The budget is where it’s at, folks. It’s Pillar #2– but it’s the most important cog in the machine, in my opinion. Having a healthy, functioning budget lays the framework to make the choices that ultimately make our financial lives either healthy or unhealthy.
From having been someone who was completely anti-budget for most of my adult life, I think I can understand some of the barriers to having one. Most of those barriers are due to problems with perspective, I think. Let’s break some of them down.
One misconception I had about budgeting was that it was complicated. Thinking it was complicated lead to me feeling overwhelmed about it. The truth of it is, though, that it’s not nearly as complicated as it seems.
Budgeting can be as simple (or as complex) as you want it to be. But whether it’s simple or not, what budgeting is at its core is a plan. It’s what we expect our financial lives to look like on a month-to-month basis. So, if you want to get started on your budget, download a copy of the Financial Wellness Suite. There’s an instruction tab in there to help you use it. But I’ll save you some of that reading and tell you how to use it here.
Once you have the Budget tab opened up, you just go line by line and you put in your expected income and expected expenses. Expected is the key word. We want to try and paint a picture for ourselves of what we think our financial life should look like every month. We’ll talk a lot more about how to deal with unexpected expenses once we hit Pillar #4: Savings in a couple more weeks.
You should really be using as much accurate data as you can, but if you have to guess at your numbers, guess low on your income and high on your expenses. If you do it in reverse, you might think you have a bigger cushion than you actually do. But, really, that’s about it. See how simple that is? Just sit down, punch in some numbers and see how your budget shapes up. And just like it says in the Instructions tab, if you are uncomfortable with either your end result of surplus/deficit or even the numbers you are assigning to your budget categories, ask yourself why you’re uncomfortable. Use that as an opportunity to learn about yourself. (Remember Pillar #1?)
Another hang up I used to have was that I thought living by a plan would take a lot of work. The truth is that it does take some work– but not nearly as much as you might think. And, frankly, you should be willing to accept some work, anyhow. You work so hard to earn your money– why throw that work away by not working just a little bit more to attend to your money? Here’s another house analogy for you: If you are working to make money but not working to manage it, it’s a little like putting up the studs and framing a wall for an add-on bedroom– but then not putting sheet rock up because that feels like “work.” It’s not more work; you just weren’t done with the job, yet.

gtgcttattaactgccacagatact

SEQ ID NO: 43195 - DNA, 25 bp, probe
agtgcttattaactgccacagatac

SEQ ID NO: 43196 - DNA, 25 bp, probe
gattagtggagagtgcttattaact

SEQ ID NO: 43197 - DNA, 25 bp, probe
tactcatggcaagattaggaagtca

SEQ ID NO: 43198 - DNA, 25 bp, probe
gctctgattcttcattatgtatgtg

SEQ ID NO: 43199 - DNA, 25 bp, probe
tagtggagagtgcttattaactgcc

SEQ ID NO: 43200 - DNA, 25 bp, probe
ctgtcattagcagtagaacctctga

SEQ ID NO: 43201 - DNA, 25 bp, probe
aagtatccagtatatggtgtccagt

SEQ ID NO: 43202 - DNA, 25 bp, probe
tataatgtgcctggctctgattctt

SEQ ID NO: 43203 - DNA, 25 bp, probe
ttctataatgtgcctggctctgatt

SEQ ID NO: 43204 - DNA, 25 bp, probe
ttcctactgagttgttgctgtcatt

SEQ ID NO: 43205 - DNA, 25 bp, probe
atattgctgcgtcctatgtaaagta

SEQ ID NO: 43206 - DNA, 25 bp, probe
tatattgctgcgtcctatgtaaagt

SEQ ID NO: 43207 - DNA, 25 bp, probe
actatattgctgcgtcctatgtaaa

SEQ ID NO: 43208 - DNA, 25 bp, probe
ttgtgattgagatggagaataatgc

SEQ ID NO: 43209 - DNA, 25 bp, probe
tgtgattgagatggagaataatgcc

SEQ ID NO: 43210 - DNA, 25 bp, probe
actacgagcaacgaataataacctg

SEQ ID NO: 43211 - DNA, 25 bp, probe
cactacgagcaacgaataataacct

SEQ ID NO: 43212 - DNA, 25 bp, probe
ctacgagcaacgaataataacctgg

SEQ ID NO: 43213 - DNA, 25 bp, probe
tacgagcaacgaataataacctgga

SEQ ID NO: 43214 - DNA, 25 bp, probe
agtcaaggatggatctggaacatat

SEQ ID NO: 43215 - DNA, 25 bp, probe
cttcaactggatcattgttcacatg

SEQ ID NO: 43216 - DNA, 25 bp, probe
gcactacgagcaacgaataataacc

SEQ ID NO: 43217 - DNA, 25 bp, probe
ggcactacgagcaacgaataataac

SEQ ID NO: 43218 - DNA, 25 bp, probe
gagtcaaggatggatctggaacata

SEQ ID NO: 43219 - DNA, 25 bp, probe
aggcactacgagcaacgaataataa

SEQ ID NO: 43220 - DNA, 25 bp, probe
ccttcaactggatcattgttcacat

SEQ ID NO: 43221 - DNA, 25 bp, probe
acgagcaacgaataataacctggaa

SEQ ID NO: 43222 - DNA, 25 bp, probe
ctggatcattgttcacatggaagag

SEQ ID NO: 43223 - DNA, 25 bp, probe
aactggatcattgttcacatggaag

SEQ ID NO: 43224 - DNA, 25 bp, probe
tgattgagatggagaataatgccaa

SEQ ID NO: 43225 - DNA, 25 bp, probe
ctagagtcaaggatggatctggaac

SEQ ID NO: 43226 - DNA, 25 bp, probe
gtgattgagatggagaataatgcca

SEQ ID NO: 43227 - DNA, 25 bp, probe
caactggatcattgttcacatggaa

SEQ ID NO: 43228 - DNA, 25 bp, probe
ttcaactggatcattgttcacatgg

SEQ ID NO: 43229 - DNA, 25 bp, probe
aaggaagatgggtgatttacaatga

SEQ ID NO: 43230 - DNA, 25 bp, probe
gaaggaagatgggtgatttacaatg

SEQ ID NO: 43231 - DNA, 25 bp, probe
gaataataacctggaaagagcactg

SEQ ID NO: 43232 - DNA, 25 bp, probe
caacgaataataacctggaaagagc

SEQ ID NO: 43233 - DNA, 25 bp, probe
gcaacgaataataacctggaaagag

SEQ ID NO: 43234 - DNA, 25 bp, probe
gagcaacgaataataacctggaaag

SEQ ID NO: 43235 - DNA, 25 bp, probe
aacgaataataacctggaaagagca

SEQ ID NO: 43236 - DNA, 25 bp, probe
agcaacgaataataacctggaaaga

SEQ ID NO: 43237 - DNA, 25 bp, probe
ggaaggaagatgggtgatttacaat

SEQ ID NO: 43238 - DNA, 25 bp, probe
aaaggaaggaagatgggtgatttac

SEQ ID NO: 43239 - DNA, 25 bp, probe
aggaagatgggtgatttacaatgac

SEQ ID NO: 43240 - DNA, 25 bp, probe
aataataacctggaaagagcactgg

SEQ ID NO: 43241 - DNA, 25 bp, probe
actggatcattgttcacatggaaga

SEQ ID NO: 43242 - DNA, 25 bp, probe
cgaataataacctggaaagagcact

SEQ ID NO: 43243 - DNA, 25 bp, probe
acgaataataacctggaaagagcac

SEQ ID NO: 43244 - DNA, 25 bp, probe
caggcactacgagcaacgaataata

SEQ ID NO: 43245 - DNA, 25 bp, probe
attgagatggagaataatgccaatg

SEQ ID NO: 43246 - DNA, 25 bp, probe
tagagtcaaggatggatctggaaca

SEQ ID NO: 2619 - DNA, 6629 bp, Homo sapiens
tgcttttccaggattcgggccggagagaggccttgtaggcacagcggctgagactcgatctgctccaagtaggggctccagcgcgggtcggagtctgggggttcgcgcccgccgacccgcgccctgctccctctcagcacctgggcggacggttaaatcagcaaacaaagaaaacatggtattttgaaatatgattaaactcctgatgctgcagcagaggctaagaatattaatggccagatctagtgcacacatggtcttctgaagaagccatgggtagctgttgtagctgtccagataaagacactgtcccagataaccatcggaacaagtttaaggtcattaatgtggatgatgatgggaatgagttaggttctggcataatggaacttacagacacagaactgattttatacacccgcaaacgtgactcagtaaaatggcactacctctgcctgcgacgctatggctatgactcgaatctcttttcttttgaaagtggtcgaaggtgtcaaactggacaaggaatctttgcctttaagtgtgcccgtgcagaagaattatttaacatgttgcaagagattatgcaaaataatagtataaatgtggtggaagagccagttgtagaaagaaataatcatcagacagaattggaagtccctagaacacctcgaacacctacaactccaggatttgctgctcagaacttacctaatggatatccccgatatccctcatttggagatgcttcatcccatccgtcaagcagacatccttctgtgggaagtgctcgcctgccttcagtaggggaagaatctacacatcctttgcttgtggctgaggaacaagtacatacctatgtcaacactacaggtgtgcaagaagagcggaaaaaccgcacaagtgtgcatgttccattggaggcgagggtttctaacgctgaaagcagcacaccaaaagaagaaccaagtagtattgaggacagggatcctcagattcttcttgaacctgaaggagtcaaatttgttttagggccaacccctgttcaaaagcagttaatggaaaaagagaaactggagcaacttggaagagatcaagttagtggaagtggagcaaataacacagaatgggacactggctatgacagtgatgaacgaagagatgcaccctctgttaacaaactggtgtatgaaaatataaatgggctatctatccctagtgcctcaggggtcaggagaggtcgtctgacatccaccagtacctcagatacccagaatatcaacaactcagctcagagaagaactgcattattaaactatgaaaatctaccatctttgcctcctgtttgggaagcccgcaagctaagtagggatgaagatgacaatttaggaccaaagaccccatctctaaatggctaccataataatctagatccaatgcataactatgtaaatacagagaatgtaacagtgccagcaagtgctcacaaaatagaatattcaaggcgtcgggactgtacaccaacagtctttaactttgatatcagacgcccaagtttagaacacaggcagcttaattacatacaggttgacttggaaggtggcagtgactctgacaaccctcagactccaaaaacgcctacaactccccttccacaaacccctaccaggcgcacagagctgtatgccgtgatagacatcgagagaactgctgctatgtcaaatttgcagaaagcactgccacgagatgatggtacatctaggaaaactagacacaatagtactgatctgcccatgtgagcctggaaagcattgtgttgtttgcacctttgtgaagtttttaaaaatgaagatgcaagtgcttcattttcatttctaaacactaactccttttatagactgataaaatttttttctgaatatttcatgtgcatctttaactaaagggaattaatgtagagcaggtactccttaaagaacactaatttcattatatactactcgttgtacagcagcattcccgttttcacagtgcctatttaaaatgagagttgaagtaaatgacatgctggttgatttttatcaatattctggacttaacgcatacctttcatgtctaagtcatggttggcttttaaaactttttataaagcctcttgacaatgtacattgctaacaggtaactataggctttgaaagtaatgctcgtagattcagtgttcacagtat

We’ll talk more about that type of work very soon. In the Math & Discipline approach, the Budget is the Math and it informs us about the choices we need to make in order to maintain financial control (AKA, Discipline, which is coming up next week.)
Yet another hang up I had was that it takes time to sit down and deal with building a budget. Well, that’s true. It does take time. But it also took time to go get my car back out of the repo lot because I didn’t have a good plan in place to pay my loan. It took time to call and deal with the IRS because I didn’t have a good plan in place to set enough money aside to deal with my taxes. It took time to call the cable company to get them to turn the cable back on. See my point? It might take time– but it doesn’t take that much time; and it is time very well spent.
What are your hangups? Seriously. What is stopping your from taking the first steps to having a better financial life? Give me a call and let’s make an appointment and move beyond those barriers together. You’d be glad if you did.